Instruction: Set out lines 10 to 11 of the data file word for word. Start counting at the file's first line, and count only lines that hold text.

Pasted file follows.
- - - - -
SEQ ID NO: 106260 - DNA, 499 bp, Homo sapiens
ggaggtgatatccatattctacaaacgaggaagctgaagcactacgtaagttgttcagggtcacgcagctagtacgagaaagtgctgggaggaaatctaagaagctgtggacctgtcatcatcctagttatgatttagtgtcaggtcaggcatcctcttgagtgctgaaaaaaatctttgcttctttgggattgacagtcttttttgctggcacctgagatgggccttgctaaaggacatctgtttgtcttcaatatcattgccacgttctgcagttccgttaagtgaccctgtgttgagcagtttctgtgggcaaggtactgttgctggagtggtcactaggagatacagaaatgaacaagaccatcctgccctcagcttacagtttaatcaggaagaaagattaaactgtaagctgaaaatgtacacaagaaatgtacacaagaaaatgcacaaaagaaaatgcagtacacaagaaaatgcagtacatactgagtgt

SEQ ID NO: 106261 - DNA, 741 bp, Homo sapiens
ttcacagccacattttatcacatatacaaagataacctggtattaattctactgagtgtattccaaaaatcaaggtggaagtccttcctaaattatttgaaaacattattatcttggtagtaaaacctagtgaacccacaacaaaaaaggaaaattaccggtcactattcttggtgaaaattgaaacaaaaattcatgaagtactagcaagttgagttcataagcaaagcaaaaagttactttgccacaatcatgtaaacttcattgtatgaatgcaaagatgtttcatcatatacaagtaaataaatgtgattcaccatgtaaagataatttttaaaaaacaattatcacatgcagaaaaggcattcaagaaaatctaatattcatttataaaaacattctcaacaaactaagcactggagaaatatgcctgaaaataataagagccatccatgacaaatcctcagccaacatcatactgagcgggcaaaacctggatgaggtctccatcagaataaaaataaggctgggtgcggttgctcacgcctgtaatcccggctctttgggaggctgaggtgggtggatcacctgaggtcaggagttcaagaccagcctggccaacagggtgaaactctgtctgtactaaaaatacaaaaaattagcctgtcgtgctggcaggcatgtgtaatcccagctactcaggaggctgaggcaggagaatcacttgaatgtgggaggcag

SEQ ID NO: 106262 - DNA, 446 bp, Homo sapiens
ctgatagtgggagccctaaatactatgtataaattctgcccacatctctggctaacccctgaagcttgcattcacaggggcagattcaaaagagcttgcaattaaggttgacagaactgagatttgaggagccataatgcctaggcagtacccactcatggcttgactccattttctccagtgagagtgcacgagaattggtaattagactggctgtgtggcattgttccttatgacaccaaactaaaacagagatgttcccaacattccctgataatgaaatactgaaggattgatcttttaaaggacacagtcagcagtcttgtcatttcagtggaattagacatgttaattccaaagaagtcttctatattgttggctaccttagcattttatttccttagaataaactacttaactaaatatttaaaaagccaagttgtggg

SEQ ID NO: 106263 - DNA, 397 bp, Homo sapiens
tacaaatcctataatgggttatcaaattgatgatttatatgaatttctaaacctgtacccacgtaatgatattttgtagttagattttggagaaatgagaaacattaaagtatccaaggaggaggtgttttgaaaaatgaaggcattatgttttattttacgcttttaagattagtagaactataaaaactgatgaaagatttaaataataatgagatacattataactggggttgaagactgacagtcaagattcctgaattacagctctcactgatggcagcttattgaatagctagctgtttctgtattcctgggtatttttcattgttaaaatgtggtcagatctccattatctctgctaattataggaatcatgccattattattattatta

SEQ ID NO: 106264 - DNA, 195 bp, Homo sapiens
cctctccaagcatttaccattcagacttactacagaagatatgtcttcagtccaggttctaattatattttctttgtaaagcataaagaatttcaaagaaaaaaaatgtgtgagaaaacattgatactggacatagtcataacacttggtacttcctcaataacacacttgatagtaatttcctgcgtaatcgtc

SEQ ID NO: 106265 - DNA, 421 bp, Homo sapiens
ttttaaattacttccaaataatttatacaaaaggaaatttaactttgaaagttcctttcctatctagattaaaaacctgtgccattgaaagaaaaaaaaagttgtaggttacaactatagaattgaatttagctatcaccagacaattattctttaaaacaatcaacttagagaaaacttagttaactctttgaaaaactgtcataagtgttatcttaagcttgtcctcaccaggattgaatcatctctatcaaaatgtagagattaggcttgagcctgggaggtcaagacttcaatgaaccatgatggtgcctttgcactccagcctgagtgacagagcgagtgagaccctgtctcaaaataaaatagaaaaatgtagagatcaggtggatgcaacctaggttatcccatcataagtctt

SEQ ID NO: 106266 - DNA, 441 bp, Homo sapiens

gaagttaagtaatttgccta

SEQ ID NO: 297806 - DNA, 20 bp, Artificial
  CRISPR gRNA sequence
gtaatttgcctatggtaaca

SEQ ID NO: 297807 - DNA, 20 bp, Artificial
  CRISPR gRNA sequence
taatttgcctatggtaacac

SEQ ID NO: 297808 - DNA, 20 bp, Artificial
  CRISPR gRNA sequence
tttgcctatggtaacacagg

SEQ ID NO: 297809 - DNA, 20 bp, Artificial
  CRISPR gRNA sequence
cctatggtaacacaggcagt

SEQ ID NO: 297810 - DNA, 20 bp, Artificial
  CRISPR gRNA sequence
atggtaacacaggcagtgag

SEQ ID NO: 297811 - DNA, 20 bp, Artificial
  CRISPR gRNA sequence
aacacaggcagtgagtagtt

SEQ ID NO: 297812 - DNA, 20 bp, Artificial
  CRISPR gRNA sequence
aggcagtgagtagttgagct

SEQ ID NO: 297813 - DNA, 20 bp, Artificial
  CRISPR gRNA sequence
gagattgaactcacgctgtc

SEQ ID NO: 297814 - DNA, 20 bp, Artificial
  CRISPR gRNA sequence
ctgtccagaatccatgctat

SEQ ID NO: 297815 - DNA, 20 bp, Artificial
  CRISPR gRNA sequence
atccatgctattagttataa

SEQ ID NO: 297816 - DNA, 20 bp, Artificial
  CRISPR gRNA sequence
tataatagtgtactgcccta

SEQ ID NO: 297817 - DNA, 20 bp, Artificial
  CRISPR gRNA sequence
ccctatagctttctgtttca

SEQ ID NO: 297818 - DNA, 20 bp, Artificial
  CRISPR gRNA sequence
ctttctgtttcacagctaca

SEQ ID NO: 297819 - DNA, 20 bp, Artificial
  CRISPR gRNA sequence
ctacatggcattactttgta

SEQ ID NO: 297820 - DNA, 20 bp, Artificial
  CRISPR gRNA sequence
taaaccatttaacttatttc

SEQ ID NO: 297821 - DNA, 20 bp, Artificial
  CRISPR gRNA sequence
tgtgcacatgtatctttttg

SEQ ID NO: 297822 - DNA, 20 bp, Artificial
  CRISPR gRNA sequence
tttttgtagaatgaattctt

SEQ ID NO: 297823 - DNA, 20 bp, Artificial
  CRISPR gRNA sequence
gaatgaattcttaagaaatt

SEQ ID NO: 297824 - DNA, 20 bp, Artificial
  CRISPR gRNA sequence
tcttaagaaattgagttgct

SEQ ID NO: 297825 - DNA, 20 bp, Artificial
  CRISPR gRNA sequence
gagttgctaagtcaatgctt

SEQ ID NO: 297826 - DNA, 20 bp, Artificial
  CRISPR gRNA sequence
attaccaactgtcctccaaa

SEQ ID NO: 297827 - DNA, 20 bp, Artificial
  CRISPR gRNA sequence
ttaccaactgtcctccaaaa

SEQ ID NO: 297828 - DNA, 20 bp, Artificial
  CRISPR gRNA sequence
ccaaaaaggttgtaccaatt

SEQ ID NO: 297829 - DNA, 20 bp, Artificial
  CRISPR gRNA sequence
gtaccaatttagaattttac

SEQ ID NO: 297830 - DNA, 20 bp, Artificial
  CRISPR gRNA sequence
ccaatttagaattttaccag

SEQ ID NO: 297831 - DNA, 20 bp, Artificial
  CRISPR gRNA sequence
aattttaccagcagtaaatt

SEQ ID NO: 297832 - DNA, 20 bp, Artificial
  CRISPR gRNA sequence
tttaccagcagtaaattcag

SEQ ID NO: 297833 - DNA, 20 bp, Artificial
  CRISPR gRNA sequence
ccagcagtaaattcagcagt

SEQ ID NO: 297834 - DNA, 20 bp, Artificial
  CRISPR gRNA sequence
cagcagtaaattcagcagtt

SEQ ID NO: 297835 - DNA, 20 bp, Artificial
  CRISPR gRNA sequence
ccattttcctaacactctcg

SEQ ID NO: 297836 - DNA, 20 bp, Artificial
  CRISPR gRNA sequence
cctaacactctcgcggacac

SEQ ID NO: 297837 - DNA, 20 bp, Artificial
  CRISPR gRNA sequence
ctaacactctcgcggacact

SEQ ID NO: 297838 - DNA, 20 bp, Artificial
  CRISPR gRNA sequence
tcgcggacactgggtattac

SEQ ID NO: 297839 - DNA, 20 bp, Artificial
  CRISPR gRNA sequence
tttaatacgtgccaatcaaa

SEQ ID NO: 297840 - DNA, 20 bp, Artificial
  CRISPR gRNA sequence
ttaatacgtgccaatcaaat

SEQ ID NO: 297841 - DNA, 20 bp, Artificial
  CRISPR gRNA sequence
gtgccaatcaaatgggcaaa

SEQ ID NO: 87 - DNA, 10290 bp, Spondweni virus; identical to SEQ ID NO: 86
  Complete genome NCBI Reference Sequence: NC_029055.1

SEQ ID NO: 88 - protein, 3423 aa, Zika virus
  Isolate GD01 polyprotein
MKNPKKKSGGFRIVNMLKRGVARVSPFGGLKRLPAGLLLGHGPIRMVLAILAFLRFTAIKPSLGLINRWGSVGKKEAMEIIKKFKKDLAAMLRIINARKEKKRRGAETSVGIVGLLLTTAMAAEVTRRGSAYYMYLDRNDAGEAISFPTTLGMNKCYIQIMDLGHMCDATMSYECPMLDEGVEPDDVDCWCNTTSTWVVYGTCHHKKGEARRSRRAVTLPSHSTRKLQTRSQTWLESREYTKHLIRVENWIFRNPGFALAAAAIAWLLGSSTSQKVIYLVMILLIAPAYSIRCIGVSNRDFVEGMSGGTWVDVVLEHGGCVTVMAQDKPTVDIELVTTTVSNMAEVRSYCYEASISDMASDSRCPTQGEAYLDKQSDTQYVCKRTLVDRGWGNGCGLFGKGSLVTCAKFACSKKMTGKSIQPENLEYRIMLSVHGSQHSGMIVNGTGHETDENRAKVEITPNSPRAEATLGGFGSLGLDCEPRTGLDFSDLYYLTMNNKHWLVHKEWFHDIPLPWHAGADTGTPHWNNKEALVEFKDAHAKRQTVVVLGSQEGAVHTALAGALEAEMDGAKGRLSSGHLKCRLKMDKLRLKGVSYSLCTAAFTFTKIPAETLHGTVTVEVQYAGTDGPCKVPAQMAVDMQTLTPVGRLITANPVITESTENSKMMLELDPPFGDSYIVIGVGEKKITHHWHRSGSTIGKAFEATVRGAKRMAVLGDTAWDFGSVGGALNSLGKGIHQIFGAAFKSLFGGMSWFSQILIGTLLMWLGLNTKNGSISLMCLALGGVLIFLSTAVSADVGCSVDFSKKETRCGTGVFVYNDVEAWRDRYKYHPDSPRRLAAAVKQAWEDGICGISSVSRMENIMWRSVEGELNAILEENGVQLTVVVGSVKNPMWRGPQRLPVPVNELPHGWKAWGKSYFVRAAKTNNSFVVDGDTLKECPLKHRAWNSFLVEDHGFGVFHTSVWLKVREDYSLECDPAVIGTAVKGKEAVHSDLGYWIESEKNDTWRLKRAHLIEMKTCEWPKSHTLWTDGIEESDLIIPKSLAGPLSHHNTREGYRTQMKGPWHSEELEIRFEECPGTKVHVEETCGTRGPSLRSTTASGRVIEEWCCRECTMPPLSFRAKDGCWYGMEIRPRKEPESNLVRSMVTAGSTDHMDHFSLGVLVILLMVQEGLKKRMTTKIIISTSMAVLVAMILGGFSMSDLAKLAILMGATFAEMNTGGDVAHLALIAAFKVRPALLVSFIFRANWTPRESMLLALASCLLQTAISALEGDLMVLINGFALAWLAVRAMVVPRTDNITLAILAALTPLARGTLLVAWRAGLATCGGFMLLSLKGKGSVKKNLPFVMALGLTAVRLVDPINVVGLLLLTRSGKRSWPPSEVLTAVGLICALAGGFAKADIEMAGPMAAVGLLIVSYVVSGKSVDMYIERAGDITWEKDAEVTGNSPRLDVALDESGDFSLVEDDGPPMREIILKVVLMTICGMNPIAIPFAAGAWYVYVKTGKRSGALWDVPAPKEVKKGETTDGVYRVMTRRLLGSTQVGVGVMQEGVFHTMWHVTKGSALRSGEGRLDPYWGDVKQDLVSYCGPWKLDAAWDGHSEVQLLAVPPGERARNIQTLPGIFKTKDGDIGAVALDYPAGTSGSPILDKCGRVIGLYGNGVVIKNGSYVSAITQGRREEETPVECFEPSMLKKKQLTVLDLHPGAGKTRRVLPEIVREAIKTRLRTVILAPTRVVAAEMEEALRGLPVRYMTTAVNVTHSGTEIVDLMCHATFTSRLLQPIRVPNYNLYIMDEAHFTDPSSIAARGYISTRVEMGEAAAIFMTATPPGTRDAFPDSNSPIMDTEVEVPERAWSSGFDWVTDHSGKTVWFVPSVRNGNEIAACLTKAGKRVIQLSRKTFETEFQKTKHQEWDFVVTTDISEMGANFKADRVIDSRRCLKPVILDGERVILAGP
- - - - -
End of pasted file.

cctctccaagcatttaccattcagacttactacagaagatatgtcttcagtccaggttctaattatattttctttgtaaagcataaagaatttcaaagaaaaaaaatgtgtgagaaaacattgatactggacatagtcataacacttggtacttcctcaataacacacttgatagtaatttcctgcgtaatcgtc

SEQ ID NO: 106265 - DNA, 421 bp, Homo sapiens